Damn Millennials!

The Long March
British officers inspect a group of American sailors for impressment into the British navy, ca. 1810, in a drawing by Howard Pyle. The practice angered Americans and was one cause of the War of 1812. But American naval officers engaged in the same practice against British sailors.
Library of Congress

Sometimes when I read commentary on today’s U.S. military, I think that the biggest problem older service members have is with their younger comrades.


This thought was provoked by an article in the March issue of “Proceedings” that states, “We have overadjusted policies to recruit and retain Sailors based on the prevailing millennial ‘profile’—particularly, the perceived need for millennials to be reassured that what they are doing is okay. Our ribbon racks appear to be getting very ‘me’ (personal award) heavy when compared to the number of ‘we’ awards and decorations, at the expense of teamwork and forceful backup. When everyone is told they are special, it gets hard to tell who really is.”

Maybe “Proceedings,” “Marine Corps Gazette” and “ARMY” should just each have a monthly column called, “Damn Millennials!” In them, each month a senior NCO or aging officer would bellyache about what those kids are doing now on the grass.

Paul Szoldra/Task & Purpose

The admiral in charge of Navy special operators will decide whether to revoke the tridents for Eddie Gallagher and other SEALs involved in the Navy's failed attempt to prosecute Gallagher for murder, a defense official said Tuesday.

The New York Times' David Philipps first reported on Tuesday that the Navy could revoke the SEAL tridents for Gallagher as well as his former platoon commander Lt. Jacob Portier and two other SEALs: Lt. Cmdr. Robert Breisch and Lt. Thomas MacNeil.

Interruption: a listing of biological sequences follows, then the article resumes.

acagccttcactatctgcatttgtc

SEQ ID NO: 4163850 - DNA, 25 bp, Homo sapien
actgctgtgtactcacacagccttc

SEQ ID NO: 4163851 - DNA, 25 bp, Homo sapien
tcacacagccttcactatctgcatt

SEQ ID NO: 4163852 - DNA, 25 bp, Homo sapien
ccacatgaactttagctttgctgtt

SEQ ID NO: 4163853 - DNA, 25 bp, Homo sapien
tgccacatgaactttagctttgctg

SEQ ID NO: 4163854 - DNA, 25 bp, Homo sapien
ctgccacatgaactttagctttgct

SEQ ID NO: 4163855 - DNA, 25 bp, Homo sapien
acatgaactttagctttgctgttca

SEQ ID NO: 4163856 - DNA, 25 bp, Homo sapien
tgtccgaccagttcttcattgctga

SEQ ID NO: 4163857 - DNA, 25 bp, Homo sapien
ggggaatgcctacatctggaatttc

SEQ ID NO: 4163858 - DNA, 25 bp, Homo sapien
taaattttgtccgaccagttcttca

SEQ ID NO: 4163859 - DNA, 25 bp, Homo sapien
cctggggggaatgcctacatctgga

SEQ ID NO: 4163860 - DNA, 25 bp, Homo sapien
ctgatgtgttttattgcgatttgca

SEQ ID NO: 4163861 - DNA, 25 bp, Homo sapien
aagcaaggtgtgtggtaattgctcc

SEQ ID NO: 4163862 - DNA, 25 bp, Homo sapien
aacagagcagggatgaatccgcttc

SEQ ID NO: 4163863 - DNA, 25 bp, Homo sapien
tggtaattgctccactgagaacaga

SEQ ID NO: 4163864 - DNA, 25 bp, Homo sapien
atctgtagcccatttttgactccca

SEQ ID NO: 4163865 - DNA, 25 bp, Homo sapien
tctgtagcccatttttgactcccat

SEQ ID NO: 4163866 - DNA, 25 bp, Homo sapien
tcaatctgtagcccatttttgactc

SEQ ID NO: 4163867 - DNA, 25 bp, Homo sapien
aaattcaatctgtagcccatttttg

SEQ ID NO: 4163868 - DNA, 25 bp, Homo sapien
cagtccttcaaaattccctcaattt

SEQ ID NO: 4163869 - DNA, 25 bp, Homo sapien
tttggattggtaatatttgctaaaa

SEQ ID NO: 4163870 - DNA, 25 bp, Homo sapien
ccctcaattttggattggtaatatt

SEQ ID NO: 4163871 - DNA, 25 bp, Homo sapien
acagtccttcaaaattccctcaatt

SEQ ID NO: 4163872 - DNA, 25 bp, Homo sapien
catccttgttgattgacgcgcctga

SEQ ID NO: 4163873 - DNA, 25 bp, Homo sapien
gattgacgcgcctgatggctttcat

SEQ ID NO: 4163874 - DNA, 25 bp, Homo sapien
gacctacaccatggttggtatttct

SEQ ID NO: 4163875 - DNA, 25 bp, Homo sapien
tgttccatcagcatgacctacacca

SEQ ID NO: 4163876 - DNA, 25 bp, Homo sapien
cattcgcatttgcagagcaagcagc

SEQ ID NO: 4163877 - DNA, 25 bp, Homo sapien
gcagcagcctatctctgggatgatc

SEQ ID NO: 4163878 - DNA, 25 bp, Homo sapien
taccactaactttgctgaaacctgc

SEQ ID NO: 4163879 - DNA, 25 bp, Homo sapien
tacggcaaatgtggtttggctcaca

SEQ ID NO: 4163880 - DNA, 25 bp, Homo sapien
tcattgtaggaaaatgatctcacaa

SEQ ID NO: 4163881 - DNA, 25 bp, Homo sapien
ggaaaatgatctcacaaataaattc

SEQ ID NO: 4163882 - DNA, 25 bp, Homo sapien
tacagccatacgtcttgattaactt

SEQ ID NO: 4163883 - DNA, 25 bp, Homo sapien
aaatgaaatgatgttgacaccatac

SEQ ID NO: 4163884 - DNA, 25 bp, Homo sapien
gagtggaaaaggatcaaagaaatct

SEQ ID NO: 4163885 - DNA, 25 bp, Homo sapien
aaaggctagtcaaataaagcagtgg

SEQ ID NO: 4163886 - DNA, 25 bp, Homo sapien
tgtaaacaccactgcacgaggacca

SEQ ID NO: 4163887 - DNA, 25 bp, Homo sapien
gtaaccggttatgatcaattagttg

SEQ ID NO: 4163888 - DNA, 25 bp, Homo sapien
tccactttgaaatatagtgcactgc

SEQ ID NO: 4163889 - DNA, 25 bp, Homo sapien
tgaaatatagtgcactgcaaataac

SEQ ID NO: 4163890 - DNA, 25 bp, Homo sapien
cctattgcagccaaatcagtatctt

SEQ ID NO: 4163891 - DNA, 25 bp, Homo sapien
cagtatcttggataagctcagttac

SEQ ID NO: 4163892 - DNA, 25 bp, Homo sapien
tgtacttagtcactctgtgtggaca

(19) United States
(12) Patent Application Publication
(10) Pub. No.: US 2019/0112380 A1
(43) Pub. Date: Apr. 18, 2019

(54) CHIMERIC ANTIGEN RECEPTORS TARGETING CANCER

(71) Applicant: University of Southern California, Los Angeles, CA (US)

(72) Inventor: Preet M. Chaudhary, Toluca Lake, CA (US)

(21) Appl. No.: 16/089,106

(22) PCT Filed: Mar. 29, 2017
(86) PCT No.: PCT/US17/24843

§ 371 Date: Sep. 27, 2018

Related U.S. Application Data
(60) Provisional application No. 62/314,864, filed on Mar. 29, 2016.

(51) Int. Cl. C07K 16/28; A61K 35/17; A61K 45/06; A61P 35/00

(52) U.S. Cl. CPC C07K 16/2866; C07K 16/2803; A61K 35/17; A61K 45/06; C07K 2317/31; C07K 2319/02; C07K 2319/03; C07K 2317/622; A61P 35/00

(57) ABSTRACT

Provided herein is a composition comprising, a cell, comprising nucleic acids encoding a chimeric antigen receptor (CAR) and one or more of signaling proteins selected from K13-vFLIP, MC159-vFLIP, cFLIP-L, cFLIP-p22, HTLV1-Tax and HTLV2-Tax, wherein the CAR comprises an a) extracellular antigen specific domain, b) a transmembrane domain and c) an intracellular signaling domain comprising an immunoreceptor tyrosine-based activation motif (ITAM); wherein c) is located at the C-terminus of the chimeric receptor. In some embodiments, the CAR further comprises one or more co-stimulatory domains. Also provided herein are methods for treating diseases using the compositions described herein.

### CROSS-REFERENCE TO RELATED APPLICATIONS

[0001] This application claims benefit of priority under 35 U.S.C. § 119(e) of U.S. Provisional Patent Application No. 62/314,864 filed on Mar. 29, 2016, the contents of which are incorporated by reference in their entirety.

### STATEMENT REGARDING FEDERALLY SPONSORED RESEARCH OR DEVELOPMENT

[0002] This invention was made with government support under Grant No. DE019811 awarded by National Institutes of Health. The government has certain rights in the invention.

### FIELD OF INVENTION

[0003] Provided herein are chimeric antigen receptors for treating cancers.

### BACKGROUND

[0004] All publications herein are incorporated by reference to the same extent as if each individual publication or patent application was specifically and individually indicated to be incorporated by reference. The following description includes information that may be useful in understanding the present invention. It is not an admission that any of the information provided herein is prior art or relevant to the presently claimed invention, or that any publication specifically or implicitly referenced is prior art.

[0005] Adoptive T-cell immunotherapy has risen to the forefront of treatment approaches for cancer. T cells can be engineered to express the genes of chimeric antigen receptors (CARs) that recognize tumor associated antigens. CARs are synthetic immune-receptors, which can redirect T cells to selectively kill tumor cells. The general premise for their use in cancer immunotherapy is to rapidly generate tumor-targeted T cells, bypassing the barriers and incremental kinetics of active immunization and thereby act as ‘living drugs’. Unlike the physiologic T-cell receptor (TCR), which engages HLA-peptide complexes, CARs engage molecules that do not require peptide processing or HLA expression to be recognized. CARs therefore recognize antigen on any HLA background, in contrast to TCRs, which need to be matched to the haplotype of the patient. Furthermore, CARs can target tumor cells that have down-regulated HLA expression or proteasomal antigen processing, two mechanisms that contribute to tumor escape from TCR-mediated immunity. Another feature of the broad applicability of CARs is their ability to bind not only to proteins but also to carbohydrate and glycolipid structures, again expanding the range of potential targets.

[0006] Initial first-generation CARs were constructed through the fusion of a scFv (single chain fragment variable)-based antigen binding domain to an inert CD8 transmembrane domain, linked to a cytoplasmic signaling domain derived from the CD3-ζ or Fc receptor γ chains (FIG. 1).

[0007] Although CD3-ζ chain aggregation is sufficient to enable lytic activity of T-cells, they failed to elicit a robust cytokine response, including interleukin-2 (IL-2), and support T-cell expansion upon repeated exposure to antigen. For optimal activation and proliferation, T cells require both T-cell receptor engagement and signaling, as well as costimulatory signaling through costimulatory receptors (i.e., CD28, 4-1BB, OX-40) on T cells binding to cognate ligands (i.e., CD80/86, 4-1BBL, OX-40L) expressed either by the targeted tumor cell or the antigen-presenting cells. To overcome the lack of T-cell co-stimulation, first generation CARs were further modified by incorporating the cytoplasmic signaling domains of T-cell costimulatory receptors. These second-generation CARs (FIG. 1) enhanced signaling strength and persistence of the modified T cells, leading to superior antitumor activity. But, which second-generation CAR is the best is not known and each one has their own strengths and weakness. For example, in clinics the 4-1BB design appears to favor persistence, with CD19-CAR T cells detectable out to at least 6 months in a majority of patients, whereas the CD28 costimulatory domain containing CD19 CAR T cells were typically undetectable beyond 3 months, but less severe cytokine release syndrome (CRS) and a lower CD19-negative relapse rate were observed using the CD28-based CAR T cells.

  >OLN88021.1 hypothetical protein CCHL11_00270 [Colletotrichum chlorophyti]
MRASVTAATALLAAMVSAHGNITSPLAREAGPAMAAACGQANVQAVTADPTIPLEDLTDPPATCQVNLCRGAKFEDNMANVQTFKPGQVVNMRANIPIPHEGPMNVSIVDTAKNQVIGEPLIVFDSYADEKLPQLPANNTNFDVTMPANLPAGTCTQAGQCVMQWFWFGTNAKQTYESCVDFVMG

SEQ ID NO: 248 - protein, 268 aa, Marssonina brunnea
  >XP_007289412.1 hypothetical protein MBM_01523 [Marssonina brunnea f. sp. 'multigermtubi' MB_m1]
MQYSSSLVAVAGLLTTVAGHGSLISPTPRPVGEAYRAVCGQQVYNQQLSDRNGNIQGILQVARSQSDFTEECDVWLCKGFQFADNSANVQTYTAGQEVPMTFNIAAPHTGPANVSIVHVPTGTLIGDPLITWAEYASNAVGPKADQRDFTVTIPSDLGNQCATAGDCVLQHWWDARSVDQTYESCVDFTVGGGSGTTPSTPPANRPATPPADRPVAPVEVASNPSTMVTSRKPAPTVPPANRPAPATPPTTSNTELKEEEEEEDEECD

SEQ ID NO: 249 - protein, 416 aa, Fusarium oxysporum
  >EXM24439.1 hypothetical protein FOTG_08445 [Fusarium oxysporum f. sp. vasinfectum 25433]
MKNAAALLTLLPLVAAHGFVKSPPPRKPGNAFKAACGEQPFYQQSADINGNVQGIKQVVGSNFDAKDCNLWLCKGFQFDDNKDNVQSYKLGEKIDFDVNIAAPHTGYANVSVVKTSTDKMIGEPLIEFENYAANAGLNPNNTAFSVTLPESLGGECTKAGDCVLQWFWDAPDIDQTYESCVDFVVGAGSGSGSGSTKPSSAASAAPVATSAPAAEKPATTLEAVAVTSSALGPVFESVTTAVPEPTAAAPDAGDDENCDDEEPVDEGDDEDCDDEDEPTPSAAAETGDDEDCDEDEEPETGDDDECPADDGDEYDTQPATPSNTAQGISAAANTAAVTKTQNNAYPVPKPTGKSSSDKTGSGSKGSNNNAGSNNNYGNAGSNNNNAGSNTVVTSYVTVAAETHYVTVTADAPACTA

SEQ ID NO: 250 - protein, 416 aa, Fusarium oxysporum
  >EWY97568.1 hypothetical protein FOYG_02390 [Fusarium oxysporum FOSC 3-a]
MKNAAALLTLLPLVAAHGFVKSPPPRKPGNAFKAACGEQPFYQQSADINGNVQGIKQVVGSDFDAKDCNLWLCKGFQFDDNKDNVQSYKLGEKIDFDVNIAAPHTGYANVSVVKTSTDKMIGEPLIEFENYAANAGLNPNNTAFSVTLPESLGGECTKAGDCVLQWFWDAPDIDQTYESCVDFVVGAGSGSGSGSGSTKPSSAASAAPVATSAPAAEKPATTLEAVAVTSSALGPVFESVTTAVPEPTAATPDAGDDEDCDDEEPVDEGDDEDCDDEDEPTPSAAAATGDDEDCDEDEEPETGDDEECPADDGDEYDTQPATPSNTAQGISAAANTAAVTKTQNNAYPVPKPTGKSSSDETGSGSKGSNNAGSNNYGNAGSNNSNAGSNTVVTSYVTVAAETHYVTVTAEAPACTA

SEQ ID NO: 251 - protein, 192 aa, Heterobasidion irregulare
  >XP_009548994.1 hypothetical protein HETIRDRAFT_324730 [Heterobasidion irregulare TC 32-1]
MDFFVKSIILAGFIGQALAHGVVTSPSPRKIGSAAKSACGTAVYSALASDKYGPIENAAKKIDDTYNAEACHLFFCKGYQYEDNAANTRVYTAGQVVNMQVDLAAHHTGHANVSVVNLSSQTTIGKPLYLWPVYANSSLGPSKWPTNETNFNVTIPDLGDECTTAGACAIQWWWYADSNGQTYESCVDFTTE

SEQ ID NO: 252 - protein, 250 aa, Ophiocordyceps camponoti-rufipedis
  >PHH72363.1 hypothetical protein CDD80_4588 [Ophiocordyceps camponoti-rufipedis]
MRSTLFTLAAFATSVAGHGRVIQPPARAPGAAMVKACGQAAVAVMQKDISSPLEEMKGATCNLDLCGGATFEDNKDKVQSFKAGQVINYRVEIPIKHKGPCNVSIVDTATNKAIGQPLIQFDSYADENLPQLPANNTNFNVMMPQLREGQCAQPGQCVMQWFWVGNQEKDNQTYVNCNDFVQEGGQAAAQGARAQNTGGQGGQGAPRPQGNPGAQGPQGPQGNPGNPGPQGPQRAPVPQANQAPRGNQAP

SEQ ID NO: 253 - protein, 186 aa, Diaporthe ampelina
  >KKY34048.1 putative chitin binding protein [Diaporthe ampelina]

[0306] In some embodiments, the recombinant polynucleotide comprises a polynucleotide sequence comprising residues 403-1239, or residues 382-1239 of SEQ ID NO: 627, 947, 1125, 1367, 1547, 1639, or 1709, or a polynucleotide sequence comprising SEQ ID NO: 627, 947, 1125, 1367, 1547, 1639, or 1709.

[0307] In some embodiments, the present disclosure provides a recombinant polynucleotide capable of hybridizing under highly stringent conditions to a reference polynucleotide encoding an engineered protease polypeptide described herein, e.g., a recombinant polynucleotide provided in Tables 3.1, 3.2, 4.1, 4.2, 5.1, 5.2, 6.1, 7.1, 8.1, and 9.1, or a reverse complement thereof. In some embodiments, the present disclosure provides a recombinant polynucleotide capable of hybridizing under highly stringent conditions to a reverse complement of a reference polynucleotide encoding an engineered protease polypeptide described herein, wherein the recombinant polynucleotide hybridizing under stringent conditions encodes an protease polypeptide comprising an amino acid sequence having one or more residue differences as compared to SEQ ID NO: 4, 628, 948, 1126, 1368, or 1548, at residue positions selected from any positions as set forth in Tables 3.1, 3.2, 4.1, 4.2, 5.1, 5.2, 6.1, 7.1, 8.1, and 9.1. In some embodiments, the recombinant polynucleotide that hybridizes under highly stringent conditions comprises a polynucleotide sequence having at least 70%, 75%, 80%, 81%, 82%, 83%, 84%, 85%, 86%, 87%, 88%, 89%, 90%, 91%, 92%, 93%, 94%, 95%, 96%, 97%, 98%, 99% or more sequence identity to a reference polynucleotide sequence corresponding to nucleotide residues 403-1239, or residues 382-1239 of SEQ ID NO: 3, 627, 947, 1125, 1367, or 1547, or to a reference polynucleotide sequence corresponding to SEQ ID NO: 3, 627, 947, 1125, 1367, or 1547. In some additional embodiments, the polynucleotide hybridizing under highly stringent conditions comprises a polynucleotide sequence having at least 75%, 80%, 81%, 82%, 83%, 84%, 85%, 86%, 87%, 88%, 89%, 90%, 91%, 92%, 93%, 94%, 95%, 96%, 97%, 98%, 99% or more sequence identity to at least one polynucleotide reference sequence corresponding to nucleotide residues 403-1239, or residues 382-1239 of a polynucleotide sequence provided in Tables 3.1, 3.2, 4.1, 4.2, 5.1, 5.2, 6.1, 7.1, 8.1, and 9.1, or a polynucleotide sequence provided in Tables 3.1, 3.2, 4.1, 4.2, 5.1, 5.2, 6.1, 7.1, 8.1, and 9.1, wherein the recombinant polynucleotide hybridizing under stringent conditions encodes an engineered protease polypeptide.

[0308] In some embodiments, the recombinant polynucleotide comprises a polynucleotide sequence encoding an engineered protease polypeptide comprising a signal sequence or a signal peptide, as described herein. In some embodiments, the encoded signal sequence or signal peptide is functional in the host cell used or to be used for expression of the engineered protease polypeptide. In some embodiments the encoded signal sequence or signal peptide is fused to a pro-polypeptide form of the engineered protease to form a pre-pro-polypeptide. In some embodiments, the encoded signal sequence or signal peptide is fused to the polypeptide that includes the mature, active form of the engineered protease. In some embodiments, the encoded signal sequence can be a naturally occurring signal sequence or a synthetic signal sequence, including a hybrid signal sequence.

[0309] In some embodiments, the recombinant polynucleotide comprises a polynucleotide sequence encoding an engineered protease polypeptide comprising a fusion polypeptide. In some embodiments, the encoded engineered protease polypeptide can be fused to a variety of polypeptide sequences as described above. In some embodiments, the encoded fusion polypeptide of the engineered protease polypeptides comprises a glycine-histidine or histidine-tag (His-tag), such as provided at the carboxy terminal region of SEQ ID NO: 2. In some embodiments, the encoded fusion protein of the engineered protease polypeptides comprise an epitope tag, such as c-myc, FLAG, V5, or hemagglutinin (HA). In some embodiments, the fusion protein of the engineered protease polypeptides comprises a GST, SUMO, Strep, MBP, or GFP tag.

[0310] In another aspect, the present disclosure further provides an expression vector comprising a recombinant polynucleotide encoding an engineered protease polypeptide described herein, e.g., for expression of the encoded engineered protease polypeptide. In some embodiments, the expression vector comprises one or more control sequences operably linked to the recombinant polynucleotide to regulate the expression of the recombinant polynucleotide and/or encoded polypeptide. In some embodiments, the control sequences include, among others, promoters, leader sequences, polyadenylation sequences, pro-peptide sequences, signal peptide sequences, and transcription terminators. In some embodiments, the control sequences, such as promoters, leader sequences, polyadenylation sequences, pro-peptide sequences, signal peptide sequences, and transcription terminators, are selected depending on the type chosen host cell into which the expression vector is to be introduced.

The four SEALs will soon receive a letter that they have to appear before a board that will consider whether their tridents should be revoked, a defense official told Task & Purpose on condition of anonymity.

Read More Show Less

Army Lt. Col. Alexander Vindman made sure to take the time to correct a Congressman on Tuesday while testifying before Congress, requesting that he be addressed by his officer rank and not "Mr."

Read More Show Less
From left to right: Naval Special Warfare Operator First Class Eddie Gallagher, Army 1Lt. Clint Lorance, and Army Special Forces Maj. Mathew Golsteyn

On Friday, President Donald Trump intervened in the cases of three U.S. service members accused of war crimes, granting pardons to two Army soldiers accused of murder in Afghanistan and restoring the rank of a Navy SEAL found guilty of wrongdoing in Iraq.

While the statements coming out of the Pentagon regarding Trump's actions have been understandably measured, comments from former military leaders and other knowledgable veterans help paint a picture as to why the president's Friday actions are so controversial.

Read More Show Less

WASHINGTON (Reuters) - The U.S. aircraft carrier strike group Abraham Lincoln sailed through the vital Strait of Hormuz on Tuesday, U.S. officials told Reuters, amid simmering tensions between Iran and the United States.

Tensions in the Gulf have risen since attacks on oil tankers this summer, including off the coast of the United Arab Emirates, and a major assault on energy facilities in Saudi Arabia. Washington has blamed Iran, which has denied being behind the attacks on global energy infrastructure.

Read More Show Less

Iran continues to support the Taliban to counter U.S. influence in Afghanistan, a recent Defense Intelligence Agency report on Iran's military power says.

Iran's other goals in Afghanistan include combating ISIS-Khorasan and increasing its influence in any government that is formed as part of a political reconciliation of the warring sides, according to the report, which the Pentagon released on Tuesday.

Read More Show Less